SAA – the end?Back to Forum
I understand that contrary to what was expected, salaries were paid for November. This probably means that on Monday they will realise they don’t have money to pay for fuel.
Their loadings on JNB LHR JNB for next week look very poor, but some of BA’s aren’t brilliant either, so it may be a seasonal thing.1 Dec 2019
This article probably explains why SAA is doomed :
Ferial Haffajee: SAA strike grabs headlines, but the flying market has moved on
We thanked our lucky stars flying out to London last Thursday night, the first day of the SAA strike. We had booked BA. It’s much cheaper than flying SAA.
The British carrier was packed to the gills: there wasn’t a seat to be had from first-class to business and economy, said ground staff. SAA passengers rebooked themselves or the national carrier had to make plans for its clients who had to be somewhere – which, when you think about it, is almost everybody with a booked flight.
But last week on leaving and this week on getting back, the strike was barely noticeable at OR Tambo, the Johannesburg international airport. The routes into and out of South Africa (especially the Johannesburg-London and Cape Town-London flights) are so lucrative that a range of airlines fly them.
To get to London, you can fly BA, Virgin and SAA. If you don’t mind a layover, Emirates and Qatar are good value, and so is Ethiopian Airlines, which is quickly replacing SAA as the continent’s leading carrier. In the absence of SAA, if you need to fly on our continent, you can use Ethiopian, Kenya Airways or RwandAir, in addition to SA Express, the regional airline which was not on strike.
And domestically, SAA’s market share of 56% has steadily been whittled down by Comair and its budget operator, Kulula, as well as by the nimble FlySafair, all three of which have proven wily competitors, even faced by the highly subsidised SAA.
Barriers to entry into the low-cost airline market are still high, but the strike this week was more muted than it might have been because there is so much competition. The SAA monopoly has largely been broken by competition. A study for the National Treasury showed how, when FlySafair entered the market, prices came down significantly as it created triangular competition. Eleven airlines hit the skids in the Noughties, according to the study, but Comair and FlySafair seem to be well-captained and sustainable.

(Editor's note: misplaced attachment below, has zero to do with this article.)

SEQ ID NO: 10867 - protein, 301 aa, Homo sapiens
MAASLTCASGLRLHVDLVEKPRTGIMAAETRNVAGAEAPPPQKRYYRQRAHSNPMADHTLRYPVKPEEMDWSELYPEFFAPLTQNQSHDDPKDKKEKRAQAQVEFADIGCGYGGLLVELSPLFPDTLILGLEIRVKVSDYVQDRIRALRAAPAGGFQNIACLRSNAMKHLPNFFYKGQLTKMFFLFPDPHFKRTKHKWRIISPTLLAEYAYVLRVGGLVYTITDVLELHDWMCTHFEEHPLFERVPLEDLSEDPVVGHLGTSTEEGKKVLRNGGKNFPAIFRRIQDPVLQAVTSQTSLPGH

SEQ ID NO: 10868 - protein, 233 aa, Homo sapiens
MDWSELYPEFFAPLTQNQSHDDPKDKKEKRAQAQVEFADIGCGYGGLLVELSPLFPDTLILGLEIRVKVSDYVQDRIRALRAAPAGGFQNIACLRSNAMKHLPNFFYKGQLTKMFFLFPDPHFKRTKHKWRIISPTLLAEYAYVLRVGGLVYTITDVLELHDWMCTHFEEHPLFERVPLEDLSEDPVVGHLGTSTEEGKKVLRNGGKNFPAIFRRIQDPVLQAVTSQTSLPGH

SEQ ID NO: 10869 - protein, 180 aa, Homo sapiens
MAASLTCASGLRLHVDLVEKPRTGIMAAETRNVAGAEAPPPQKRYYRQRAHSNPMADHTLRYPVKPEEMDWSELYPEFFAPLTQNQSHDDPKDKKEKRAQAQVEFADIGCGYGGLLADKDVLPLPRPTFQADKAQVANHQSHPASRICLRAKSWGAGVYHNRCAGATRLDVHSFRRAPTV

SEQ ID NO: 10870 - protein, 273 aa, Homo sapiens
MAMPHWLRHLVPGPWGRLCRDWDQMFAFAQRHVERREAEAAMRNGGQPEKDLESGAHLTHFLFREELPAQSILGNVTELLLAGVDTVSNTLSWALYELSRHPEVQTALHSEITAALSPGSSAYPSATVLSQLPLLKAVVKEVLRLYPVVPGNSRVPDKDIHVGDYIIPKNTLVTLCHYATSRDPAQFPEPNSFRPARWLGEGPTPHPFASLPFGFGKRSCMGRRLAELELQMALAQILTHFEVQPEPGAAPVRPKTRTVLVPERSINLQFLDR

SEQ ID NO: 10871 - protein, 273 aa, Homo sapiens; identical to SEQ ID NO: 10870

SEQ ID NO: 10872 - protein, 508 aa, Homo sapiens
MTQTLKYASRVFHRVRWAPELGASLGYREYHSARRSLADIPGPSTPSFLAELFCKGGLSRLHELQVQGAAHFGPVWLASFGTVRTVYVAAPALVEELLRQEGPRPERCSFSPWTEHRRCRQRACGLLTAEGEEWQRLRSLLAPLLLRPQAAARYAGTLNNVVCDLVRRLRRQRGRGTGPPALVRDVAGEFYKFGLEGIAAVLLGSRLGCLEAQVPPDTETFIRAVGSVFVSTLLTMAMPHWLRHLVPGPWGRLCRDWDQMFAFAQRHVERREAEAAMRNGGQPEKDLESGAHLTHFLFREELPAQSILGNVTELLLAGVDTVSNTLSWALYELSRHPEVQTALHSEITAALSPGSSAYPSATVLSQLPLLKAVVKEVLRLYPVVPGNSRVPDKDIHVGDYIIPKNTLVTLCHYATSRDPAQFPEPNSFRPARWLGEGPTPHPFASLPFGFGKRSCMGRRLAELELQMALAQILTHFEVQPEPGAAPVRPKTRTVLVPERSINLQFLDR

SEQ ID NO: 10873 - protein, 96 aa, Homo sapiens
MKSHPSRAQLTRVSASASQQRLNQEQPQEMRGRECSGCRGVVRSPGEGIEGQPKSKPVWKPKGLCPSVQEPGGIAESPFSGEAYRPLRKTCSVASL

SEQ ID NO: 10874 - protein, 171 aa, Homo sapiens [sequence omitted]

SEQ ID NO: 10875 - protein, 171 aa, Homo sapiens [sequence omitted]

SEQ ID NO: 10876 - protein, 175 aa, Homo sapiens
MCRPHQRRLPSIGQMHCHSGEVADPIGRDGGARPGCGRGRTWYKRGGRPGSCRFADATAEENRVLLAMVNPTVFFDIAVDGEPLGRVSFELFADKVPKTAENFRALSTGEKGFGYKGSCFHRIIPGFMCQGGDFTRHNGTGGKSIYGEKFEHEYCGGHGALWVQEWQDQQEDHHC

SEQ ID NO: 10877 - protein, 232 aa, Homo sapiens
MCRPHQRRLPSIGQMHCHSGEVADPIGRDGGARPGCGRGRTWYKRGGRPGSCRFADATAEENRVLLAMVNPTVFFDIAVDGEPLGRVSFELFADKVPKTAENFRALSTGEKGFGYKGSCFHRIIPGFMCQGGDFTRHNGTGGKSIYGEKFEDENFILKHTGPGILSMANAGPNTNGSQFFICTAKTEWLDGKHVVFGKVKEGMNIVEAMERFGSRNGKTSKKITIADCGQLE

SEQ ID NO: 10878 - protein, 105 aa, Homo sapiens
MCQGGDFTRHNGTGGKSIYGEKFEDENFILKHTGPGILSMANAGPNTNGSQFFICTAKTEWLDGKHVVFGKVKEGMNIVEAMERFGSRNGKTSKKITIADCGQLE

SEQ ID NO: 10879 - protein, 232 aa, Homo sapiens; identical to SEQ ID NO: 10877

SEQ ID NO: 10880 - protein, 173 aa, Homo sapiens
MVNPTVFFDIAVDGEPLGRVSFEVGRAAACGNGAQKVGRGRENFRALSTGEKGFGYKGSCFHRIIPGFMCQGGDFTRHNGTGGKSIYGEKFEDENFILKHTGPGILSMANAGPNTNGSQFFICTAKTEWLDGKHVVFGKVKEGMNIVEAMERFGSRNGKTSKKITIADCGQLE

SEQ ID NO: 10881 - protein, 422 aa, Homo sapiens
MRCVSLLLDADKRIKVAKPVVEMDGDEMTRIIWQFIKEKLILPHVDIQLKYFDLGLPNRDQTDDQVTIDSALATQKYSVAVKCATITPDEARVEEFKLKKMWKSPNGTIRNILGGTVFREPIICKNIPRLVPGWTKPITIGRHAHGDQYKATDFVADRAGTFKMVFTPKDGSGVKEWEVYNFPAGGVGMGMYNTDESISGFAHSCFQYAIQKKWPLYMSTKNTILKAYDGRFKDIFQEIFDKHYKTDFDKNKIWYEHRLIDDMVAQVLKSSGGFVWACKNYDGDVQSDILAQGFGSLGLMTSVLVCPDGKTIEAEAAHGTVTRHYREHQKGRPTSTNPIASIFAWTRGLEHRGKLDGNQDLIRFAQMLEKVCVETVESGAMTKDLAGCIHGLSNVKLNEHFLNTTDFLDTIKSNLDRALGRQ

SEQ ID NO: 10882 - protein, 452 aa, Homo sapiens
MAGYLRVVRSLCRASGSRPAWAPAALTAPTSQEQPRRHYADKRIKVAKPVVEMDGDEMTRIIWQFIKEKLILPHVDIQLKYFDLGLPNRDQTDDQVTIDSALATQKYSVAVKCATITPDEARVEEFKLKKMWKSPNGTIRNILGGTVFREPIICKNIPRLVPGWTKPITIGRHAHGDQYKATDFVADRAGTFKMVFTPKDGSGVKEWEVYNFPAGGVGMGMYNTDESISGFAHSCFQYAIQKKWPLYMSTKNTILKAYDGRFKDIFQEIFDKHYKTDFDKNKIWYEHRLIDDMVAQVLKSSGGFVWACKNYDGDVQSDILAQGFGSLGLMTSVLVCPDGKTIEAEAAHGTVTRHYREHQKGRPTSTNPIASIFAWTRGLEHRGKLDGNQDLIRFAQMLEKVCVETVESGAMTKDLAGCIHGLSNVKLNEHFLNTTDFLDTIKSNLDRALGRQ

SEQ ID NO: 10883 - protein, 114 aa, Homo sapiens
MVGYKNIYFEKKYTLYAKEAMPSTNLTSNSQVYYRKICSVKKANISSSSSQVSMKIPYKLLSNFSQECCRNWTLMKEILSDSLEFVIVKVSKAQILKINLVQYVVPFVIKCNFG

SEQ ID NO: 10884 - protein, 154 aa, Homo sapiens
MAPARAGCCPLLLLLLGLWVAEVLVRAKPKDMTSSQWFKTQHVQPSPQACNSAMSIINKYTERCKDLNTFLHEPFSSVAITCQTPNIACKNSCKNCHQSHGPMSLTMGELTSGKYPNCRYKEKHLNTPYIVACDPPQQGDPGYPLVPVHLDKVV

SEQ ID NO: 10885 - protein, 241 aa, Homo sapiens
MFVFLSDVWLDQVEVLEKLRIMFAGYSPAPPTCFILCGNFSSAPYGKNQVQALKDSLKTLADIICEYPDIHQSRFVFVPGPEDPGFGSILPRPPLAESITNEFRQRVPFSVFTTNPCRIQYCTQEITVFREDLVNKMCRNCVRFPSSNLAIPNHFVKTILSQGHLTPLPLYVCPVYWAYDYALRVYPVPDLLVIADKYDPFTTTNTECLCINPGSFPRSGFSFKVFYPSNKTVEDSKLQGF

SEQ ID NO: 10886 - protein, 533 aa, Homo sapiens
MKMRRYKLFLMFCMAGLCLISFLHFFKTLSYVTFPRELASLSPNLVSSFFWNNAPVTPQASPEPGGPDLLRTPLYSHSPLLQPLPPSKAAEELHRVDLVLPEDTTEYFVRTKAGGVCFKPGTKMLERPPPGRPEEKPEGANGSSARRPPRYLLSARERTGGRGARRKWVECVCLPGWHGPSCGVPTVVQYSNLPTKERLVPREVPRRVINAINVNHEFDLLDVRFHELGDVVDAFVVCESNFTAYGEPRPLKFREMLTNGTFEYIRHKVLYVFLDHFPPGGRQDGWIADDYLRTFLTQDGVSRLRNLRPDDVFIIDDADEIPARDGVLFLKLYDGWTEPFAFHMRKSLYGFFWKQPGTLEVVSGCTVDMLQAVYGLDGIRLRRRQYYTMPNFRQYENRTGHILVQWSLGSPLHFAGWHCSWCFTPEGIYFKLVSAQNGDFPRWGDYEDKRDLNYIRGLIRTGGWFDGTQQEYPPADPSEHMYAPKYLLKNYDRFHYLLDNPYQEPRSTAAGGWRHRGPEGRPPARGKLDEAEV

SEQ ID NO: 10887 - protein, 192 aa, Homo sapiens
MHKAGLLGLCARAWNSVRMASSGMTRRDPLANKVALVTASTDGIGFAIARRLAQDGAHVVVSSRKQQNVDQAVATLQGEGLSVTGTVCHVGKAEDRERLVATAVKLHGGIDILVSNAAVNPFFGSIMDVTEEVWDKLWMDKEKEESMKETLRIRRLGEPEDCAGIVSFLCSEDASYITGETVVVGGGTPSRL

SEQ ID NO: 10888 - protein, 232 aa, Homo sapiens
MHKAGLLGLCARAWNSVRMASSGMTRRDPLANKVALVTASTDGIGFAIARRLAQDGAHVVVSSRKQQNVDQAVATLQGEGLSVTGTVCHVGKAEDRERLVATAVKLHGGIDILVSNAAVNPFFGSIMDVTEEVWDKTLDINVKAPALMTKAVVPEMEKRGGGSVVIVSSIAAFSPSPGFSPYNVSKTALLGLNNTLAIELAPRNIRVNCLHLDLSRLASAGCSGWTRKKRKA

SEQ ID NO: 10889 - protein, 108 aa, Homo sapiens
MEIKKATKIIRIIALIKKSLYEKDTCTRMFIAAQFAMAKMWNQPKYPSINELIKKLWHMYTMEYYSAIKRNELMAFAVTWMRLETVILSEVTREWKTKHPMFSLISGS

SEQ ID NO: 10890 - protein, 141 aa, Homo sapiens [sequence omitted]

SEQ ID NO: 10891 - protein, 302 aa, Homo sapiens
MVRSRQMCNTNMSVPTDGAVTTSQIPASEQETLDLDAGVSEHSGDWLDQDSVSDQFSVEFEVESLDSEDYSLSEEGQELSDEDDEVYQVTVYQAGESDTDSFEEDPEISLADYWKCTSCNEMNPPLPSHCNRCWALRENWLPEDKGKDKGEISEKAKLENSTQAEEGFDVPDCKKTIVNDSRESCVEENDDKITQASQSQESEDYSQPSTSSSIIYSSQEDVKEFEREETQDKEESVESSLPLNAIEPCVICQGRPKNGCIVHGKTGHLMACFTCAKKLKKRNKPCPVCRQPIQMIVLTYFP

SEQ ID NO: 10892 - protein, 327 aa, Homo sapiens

SAA CEO Zuks Ramasia thanked patient passengers this week, but there may not be so many of those left. Last year, SAA bumped me off a long-haul flight, and when I tried to use the coupon they gave me to fly again, the customer services number rung off the hook for about an hour.
That was me gone. The competition is better and cheaper, and while I had been a patriotic flyer, believing that it was part of my national duty to fly SAA (plus the staff are really nice) – no longer. I guess it will be much the same with most passengers, disrupted by the strike this week or made nervous by the negative headlines and Numsa’s threats against passenger safety. You don’t play with flying and safety, and the market moves on, as I guess it did in great numbers this week.
Convenience went down; risk went up. SAA has eaten itself up. Unlike a strike at a factory or a mine, the audience or stakeholders available for disruption by labour are not static or captive in an airline strike beyond the single disrupted flight. Thereafter, you can move and my guess is we have. In droves.
The risk for SAA now is that the hard rump of its full-fare paying customers – corporates and individuals – are largely gone, and that its captive market of government employees and politicians remain.